This week in the scheduled reading of the Torah we reach two chapters of Leviticus that are among my favorite passages of Torah: Chapters 25 and 26, called B’Har (“On the mountain” – that is, Sinai – and B’chukkotai – that is, “About My carved-out rules.”
Chapter 26 ends as Chapter 25 begins, with the assertion that the teaching comes from Sinai. The Torah thus lifts this chunk of itself to supernal significance, like the Ten Teachings that coime with an eruption of fire, smoke, and the sounding of an eerie shofar blast. Yet it is only beginning to be treated as a whole, and as centrally important.
I have written so often about the whole passage* that I can summarize most of it quickly and then I want to explore one part that I have not previously paid much attention to. The summary: Every seventh year, Earth must be allowed to rest from organized agriculture. In Lev. 25 this called Shabbat Shabbaton -- Shabbat to the exponential power of Shabbat. Elsewhere in Torah it is called “Shmita – “Release”: and the human community is released from debts owed by the poor to the rich, releasing the one from degradation and resentment, releasing the other from pride and anxiety.
The fiftieth year – that is, 7 x 7+1, is a year of Yovel – “Jubilee” ( a westernized transliteration, not a translation) , or in Everett Fox’s brilliant translation, “Home-bringing.” In that year, the land rests again and families are restored to their ancestral holding. The rich give up their surplus, the poor give up their misery. (This happens not on Rosh Hashanah when the year begins, but after days of healing and forgiveness on Yom Kippur – I think, to make sure the transformation happens not out of rage or fear but out of love.)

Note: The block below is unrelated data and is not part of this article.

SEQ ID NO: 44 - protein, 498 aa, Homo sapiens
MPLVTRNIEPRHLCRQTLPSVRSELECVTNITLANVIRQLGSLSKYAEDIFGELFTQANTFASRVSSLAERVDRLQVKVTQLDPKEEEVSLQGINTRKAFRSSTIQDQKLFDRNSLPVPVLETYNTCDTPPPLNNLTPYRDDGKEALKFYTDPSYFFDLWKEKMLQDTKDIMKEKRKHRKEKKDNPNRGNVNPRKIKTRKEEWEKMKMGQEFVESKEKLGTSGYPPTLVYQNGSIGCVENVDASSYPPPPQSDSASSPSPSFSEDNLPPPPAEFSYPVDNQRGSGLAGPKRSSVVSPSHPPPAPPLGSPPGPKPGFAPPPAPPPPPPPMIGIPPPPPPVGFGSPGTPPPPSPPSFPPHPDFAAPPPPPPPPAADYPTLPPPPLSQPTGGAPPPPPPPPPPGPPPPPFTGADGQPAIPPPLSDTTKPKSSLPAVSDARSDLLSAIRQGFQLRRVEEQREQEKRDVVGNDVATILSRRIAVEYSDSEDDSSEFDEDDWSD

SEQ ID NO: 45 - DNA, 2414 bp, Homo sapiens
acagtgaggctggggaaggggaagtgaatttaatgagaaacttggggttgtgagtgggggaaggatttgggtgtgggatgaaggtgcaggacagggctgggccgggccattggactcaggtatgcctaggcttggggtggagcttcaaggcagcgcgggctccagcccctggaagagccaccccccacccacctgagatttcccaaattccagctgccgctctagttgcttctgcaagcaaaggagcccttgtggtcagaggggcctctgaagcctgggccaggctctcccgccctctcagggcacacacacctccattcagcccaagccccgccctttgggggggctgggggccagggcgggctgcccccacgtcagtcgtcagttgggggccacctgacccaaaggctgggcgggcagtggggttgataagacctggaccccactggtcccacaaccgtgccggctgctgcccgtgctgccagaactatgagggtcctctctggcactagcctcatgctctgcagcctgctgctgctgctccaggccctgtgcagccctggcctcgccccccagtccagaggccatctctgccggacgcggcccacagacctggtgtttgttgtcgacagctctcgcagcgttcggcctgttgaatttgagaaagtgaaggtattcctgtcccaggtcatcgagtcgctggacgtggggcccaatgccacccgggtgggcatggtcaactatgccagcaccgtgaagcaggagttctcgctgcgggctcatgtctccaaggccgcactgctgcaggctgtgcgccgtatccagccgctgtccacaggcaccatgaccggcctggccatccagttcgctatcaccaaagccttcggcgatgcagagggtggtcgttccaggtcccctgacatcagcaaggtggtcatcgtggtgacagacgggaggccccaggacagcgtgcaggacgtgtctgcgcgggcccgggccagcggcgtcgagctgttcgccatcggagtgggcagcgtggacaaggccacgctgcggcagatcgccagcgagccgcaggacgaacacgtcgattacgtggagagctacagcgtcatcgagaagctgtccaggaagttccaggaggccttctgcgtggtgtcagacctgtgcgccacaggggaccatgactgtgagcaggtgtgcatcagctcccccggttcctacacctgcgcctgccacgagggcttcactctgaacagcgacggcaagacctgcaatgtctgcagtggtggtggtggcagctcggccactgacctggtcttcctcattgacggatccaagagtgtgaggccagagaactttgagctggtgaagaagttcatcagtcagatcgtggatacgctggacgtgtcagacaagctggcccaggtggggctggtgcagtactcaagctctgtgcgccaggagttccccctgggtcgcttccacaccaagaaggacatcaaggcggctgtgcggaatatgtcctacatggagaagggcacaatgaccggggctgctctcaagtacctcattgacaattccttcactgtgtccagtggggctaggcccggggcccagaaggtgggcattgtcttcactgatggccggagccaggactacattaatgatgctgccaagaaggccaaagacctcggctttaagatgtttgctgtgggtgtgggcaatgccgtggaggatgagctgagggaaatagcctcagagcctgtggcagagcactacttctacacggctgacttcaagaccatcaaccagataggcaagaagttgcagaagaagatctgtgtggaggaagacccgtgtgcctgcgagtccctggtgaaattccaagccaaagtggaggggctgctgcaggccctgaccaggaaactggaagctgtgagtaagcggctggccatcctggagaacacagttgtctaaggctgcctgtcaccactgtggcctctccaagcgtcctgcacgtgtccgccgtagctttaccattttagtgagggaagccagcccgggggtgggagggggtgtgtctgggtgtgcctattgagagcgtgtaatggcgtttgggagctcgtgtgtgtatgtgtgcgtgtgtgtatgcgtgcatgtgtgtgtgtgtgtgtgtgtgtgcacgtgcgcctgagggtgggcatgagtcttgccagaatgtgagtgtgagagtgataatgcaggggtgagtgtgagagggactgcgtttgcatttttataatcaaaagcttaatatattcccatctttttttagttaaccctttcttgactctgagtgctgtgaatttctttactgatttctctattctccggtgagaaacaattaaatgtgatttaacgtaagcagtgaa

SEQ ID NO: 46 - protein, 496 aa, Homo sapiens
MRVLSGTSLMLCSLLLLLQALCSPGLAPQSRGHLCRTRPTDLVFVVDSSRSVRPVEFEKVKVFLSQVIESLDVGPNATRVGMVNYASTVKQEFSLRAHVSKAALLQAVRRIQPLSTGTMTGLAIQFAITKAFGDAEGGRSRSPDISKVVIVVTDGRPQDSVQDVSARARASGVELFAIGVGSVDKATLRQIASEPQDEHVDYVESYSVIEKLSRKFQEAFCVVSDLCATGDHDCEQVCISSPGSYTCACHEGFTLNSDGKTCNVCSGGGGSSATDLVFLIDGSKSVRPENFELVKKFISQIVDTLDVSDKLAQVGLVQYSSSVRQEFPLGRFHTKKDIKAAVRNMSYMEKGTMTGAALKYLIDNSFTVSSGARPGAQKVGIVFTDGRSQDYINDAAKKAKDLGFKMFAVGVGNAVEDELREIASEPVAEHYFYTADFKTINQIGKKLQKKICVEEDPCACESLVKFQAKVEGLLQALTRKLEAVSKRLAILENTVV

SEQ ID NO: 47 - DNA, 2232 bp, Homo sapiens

Why all this? Because no person or institution “owns” the land or Earth – only YHWH, the Interbreath of Life, Which/Who leases it for a limited time to landholders. Then Chapter 26 asks what happens if the community refuses to let the land rest for its Shabbats, and answers that the land takes its Shabbats by force – plagues of dearth and disaster, fire and famine, exile as refugees.
Both chapters speak powerfully to our generation: what we must do, to let Earth rest, and what will happen – is already happening – if we won’t. The Shmita year of Release begins next fall, according to the ancient count. But in our society the process is not limited to a single year. Its values should pervade our calendar, in every month of every year: Sharing. A pulsating economy, not one of endless ”growth” that sweeps us over a catastrophic cliff. Love for Earth as a whole and of our beloved neighborhood, its land and people.
And that’s the passage of Torah that I want to lift up. In Lev. 25: 13-45 – way more than half the chapter – Torah devotes itself to a person’s ability to redeem, recover, his/her/ their home in the original family neighborhood. That is precisely the opposite of the degrading practice of Pharaoh’s Mitzrayyim, the Tight and Narrow Land of Pharaoh’s Egypt, described in Genesis 47:21, of moving the newly enserfed Egyptians far from their homes. Indeed, the land system of Leviticus is in very detail the black-and-white reversal of Pharaoh’s Egypt.
How do we respect Torah’s concern for Earth as a whole with its concern for local neighborliness?
One suggestion: The biblical focus is food. In our lives, energy is food. Neighborhood solar-energy co-ops would in the same breath help heal all Earth from the climate crisis and help strengthen neighborhood ties and the democratic control of energy at the neighborhood level, rather than corporate control of huge solar farms or ocean-based gigantic wind turbines.
Among the proposals for a Green Jobs New Deal is for for Federal grants to solarize 30 Million American homes. Add “co-op” to that formula, and we are will on the way to a modern version of the biblical vision.
*I first wrote about this in the original Godwrestling (Schocken, 1978) and most recently in Dancing in God's Earthquake : The Coming Transformation of Religion (Orbis, 2020). For its reviews and ordering info click https://theshalomcenter.org/content/dancing-gods-earthquake-rabbi-arthur-how-order-copies, It is my life-harvest, intended not only to draw on the past but to feed the future. Together with Rabbis Jill Hammer and David Seidenberg I'll be explorong these and "other sides of Mt. Sinai" in a Zoom conversation on May 17. See --